I think those words will resonate with anyone in the creative industry, and I'm looking forward to following Thomas and James on their journey. You can do the same at, and over on Instagram (@seearbuddross). 

Photography by Thomas Seear-Budd 

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Friday Design Selects


First up today, BETA.Ø is an award-winning architecture firm based in Madrid, whose work demonstrates restraint and clarity. Their C.Ø House is a renovation project featuring large, light-filled open spaces with textured walls and ceilings. Together with meticulous design details, the home has a real purity in its design, and sense of calm. 

Komolab is a modern furniture and decor studio based in South Louisiana founded by designer Kyle Comeaux. With a focus on creating functional beauty through the use of fine materials including solid domestic hardwoods, all pieces are designed and produced in-house. Drawn to the clean, Scandinavian aesthetic, I've picked out a few favourite pieces below.  

Inspired by Scandinavian daybeds, the Walden Dog Bed is as functional as it is beautiful. It features a cushion (lined with waterproof material) with a removable cover made from dense wool-melton fabric, resting on a solid wood frame with leather strap accents. Definitely the most stylish dog bed I have seen, the dimensions can be customised to suit your very own pooch. 

Inspired by simple geometries, the Elysian Incense Burner combines a concrete sphere and and wood base for a bold yet elegant expression. Shown here in walnut, it is also available in white Oak and ebonized Oak finishes. 

The Entryway Wall Rack & Tackboard sets out to accomplish many things in the purist way. Comprising a mail slot, coat rack, tackboard for pinning notes and a magnetic keys-holder, I can see why Komolab describe it as the Swiss army knife of an interior! Shown here in white Oak, it also comes in Walnut and Maple.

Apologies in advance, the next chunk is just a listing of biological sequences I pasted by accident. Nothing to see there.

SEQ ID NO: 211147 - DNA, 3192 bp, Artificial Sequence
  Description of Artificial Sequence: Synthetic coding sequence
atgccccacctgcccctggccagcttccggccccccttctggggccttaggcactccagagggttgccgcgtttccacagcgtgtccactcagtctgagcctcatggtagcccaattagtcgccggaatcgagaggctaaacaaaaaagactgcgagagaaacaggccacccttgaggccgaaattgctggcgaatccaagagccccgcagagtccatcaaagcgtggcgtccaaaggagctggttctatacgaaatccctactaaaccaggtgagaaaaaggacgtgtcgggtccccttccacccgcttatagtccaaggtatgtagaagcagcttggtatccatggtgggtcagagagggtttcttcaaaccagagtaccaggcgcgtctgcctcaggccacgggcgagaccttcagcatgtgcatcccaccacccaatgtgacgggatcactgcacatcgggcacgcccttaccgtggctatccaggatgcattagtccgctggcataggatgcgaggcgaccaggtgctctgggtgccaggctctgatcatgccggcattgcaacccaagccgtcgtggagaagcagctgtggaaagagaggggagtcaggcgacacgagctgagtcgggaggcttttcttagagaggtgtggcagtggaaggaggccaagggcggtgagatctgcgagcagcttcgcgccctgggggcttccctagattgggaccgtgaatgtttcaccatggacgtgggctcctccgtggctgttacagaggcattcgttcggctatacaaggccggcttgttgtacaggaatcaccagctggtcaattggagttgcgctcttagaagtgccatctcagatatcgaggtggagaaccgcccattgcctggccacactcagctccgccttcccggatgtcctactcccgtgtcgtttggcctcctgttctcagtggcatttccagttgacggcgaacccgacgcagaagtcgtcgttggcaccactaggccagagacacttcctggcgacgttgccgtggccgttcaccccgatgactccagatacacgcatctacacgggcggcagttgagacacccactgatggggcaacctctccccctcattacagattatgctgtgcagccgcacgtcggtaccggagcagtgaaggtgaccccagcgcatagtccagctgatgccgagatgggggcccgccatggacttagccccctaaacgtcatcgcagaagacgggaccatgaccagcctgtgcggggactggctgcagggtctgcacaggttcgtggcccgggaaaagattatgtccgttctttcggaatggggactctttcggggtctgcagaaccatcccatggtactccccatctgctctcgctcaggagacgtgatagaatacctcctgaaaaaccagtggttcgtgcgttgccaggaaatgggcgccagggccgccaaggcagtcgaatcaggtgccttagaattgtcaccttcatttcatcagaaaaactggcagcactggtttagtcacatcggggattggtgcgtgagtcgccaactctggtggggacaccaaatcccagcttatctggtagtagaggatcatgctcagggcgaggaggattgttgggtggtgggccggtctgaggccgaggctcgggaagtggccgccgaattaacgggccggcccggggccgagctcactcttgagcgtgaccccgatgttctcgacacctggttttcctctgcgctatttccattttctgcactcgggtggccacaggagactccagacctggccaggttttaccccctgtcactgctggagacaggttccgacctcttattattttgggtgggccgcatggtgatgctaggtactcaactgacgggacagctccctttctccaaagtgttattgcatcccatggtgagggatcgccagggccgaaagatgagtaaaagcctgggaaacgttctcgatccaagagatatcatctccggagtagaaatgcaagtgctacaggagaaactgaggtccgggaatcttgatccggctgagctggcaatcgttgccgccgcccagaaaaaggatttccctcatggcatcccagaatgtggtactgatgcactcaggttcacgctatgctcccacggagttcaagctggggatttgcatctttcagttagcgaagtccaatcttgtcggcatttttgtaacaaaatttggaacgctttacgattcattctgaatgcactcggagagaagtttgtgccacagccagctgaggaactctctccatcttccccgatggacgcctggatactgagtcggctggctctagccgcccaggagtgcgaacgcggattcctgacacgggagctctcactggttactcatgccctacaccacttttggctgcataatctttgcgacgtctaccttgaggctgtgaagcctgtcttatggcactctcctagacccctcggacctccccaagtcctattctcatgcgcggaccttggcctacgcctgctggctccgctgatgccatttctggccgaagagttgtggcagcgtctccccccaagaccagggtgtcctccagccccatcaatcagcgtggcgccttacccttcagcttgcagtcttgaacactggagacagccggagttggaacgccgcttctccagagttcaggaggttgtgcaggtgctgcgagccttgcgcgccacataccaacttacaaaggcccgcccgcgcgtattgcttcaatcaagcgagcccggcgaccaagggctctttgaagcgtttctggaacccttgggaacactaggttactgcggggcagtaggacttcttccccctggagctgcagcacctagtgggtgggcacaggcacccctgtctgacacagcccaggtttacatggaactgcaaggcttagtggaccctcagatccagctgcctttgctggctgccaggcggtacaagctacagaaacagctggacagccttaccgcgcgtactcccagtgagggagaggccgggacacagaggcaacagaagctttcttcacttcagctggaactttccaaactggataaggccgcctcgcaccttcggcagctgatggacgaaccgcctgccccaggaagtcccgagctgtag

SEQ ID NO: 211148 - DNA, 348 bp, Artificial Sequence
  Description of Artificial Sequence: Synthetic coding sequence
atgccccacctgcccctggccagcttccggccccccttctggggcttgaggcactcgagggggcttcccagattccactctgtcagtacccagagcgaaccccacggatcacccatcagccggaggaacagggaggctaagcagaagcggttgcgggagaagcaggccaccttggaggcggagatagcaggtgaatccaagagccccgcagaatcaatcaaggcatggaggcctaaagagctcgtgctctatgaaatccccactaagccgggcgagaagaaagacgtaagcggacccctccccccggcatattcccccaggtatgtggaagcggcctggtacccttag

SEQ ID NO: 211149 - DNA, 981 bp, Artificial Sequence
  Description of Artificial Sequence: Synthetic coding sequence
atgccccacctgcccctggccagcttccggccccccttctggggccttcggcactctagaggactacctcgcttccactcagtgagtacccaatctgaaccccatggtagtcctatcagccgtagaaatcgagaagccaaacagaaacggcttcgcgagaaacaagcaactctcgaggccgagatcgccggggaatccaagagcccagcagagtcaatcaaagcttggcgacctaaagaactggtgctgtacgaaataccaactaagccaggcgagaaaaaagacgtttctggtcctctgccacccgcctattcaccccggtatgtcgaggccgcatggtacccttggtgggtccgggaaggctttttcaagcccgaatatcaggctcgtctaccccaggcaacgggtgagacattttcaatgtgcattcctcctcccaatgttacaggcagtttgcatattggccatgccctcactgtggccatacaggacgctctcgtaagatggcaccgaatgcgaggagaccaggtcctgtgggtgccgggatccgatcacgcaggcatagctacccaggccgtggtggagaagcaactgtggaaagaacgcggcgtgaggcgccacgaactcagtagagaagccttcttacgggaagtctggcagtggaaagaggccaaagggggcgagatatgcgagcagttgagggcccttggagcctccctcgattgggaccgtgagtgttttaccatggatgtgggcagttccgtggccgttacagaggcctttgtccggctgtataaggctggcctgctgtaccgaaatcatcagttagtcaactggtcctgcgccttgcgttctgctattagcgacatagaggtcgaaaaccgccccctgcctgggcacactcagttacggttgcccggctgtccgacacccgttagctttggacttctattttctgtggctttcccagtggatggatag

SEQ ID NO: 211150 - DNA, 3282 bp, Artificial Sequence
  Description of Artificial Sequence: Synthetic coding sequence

Visit to see the full range of products. 

Photography by Michael Clifford

Thanks to Desiree at Vosgesparis, I discovered this stunning project today, by Interior Designer Jake Arnold. The new clinic of LA-based skin expert Shani Darden, the spaces feature a sublime material palette in soothing neutrals, and beautiful architectural detailing including arched doorways and a bold marble counter.  

Lastly today, I wanted to share ED_OFFICE, the HQ of Kiev-based architects Emil Dervish. A long-time admirer of Emil's work (his Beige project is still a favourite), I love getting a glimpse into the firm's creative world, to see where the magic happens. The building features incredible architectural detailing including high ceilings with beautiful mouldings, tall arched windows and herringbone flooring. A marriage of modern and traditional, I love how the original details and raw finishes contrast with contemporary furniture and lighting. 

Photography by Mikhail Loskutov

Images via Emil Dervish